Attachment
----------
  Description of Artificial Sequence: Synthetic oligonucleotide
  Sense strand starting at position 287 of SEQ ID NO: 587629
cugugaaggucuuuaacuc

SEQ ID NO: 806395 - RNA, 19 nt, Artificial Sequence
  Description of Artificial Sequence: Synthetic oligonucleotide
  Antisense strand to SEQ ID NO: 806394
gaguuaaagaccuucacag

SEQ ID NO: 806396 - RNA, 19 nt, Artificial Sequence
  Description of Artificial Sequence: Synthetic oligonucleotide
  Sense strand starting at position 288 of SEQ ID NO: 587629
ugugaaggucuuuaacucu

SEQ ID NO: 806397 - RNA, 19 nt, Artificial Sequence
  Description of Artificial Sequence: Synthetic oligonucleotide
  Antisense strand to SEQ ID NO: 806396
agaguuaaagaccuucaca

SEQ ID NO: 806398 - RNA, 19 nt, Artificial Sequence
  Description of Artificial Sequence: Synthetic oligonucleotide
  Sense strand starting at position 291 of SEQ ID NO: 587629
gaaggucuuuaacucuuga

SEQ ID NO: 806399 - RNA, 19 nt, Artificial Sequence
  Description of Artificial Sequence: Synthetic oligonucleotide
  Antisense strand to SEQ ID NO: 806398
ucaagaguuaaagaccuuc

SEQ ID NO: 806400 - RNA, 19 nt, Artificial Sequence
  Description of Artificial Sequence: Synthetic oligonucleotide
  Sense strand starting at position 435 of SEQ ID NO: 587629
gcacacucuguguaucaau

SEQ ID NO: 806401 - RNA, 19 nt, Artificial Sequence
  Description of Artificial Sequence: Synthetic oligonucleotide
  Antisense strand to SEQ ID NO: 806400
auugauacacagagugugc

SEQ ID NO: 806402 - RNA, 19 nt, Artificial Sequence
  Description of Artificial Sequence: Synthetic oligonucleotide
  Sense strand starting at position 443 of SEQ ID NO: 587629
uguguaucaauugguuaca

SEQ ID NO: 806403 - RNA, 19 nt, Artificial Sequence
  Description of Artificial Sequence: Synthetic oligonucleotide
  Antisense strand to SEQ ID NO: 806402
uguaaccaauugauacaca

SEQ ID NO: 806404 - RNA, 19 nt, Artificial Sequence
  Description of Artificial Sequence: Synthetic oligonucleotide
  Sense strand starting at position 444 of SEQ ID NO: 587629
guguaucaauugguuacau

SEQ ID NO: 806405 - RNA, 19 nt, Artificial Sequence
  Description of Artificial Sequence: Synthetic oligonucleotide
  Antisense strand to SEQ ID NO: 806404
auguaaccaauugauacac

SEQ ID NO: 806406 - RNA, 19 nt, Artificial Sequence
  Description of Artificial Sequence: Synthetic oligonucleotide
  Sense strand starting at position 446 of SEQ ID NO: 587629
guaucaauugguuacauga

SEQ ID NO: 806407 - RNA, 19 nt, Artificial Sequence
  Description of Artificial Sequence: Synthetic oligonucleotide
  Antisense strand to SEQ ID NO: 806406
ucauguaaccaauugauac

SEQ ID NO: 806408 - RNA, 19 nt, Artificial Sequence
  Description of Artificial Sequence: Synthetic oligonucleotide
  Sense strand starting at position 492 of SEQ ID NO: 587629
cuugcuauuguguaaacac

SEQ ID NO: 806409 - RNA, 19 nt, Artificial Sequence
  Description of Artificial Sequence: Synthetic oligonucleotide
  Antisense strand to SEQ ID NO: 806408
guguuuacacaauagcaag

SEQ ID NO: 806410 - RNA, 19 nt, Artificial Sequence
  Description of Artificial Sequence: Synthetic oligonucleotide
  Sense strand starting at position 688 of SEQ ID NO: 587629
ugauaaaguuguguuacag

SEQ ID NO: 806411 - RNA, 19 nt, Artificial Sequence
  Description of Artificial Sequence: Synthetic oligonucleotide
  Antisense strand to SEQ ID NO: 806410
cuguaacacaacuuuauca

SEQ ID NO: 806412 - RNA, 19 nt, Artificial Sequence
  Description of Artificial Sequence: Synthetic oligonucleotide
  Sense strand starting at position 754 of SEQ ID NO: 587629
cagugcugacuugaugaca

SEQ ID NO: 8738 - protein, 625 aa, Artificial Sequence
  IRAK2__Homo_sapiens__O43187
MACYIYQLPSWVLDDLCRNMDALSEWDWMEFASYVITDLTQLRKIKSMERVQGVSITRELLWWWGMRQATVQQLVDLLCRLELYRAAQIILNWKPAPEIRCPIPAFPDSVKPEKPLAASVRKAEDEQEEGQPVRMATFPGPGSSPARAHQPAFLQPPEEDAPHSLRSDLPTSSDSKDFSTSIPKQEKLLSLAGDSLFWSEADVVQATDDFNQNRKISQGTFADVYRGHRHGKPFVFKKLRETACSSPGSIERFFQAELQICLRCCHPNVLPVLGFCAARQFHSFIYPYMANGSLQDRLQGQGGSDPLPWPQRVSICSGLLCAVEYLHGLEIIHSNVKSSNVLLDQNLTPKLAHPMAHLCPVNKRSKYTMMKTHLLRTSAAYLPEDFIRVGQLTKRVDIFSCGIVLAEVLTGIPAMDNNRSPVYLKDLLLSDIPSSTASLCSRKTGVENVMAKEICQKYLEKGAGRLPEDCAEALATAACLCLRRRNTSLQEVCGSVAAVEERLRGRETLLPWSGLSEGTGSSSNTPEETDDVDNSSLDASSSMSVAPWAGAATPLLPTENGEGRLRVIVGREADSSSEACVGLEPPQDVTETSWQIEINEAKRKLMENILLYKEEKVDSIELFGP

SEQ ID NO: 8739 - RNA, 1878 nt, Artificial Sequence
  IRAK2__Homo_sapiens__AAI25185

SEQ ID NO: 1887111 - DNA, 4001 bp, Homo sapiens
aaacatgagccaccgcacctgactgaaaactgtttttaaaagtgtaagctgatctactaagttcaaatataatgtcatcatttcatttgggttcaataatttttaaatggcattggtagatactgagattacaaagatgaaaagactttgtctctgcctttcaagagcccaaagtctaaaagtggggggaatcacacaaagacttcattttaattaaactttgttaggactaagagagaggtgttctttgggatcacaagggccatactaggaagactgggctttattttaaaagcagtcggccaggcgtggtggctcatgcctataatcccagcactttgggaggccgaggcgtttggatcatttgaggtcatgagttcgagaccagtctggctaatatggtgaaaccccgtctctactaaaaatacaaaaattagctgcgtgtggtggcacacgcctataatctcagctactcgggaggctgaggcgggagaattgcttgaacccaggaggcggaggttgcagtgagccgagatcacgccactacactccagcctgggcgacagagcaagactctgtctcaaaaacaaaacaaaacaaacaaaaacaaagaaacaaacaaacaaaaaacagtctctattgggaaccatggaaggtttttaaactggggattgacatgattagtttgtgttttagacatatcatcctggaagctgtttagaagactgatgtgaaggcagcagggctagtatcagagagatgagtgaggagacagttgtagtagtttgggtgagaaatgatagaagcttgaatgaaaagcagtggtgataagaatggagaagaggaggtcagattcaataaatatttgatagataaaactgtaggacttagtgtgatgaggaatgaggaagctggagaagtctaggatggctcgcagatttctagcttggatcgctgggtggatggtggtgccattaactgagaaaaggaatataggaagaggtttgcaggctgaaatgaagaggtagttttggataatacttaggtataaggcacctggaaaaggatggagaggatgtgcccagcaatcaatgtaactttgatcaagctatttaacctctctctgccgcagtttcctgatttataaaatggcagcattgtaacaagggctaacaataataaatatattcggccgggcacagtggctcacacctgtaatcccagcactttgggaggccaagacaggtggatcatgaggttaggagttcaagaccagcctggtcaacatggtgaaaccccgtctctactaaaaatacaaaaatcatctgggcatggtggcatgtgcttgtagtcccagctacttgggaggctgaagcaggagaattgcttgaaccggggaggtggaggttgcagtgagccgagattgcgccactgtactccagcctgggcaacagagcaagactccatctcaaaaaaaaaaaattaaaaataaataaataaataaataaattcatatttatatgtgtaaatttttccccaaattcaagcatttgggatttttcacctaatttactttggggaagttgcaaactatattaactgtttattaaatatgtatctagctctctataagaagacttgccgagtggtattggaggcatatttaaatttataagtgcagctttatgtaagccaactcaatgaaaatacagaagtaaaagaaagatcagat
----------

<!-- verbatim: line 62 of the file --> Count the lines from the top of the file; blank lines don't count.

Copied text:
  Antisense strand to SEQ ID NO: 806408